Grace, B., Shawe, J., Barrett, G., Usman, N.O., & Stephenson, J. (2022). What does family building mean? A qualitative exploration and a new definition: A UK-based study. Reproductive Health, 19(1), 203. https://doi.org/10.1186/s12978-022-01511-w

    Kim, S., & Feyissa, I. F. (2021). Conceptualizing “family” and the role of “chosen family” within the LGBTQ+ refugee community: A text network graph analysis. Healthcare (Basel, Switzerland), 9(4), 369. https://doi.org/10.3390/healthcare9040369

    Kreeftenberg, H.G., Pouwels, S., Bindels, A.J.G.H., de Bie, A., & van der Voort, P.H.J. (2019). Impact of the advanced practice provider in adult critical care: A systematic review and meta-analysis. Critical Care Medicine, 47(5), 722–730. https://doi.org/10.1097/CCM.0000000000003667

    Lampic, C., & Wettergren, L. (2019). Oncologists’ and pediatric oncologists’ perspectives and challenges for fertility preservation. Acta Obstetricia et Gynecologica Scandinavica, 98(5), 598–603. https://doi.org/10.1111/aogs.13551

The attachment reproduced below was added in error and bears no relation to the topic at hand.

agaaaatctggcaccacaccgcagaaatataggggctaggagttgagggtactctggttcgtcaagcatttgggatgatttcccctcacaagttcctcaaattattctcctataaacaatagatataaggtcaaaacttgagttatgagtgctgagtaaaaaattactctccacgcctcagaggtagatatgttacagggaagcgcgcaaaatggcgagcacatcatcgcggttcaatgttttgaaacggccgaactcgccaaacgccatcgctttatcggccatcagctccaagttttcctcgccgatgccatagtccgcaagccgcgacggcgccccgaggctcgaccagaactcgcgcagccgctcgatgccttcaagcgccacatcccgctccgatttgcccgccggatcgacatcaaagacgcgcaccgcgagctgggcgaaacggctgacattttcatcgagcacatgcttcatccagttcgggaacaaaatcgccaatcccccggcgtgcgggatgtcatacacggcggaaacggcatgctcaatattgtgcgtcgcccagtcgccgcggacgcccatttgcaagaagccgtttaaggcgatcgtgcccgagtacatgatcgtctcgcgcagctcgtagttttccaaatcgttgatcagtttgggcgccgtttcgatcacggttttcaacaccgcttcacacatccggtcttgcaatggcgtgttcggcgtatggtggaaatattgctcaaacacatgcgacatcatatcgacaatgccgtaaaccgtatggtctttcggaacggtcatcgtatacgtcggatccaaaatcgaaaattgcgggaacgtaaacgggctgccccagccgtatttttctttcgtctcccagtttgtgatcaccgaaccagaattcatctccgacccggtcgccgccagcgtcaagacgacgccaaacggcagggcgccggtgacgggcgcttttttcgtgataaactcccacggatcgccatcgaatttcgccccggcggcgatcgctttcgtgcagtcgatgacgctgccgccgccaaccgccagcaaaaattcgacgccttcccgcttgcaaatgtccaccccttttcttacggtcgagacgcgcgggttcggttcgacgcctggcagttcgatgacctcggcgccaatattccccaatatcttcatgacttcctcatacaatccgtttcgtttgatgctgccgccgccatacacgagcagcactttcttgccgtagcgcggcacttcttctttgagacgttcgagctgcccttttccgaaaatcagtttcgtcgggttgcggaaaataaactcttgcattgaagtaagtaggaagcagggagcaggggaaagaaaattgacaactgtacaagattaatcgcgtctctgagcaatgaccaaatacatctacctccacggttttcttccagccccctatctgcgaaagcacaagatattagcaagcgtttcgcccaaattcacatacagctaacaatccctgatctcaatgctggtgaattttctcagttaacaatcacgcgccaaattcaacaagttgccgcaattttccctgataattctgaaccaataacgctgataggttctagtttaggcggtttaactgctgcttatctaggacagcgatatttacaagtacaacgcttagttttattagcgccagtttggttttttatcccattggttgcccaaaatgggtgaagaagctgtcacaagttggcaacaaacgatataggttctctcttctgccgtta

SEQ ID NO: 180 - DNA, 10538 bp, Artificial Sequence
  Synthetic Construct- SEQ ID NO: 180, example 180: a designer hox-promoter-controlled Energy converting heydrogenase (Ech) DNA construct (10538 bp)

Logan, S., & Anazodo, A. (2019). The psychological importance of fertility preservation counseling and support for cancer patients. Acta Obstetricia et Gynecologica Scandinavica, 98(5), 583–597. https://doi.org/10.1111/aogs.13562

    Mulder, R.L., Font-Gonzalez, A., van Dulmen-den Broeder, E., Quinn, G.P., Ginsberg, J.P., Loeffen, E.A.H., . . . Inthorn, J. (2021). Communication and ethical considerations for fertility preservation for patients with childhood, adolescent, and young adult cancer: Recommendations from the PanCareLIFE Consortium and the International Late Effects of Childhood Cancer Guideline Harmonization Group. Lancet Oncology, 22(2), e68–e80. https://doi.org/10.1016/S1470-2045(20)30595-7

    Oktay, K., Harvey, B.E., Partridge, A.H., Quinn, G.P., Reinecke, J., Taylor, H.S., . . . Loren, A.W. (2018). Fertility preservation in patients with cancer: ASCO clinical practice guideline update. Journal of Clinical Oncology, 36(19), 1994–2001. https://doi.org/10.1200/jco.2018.78.1914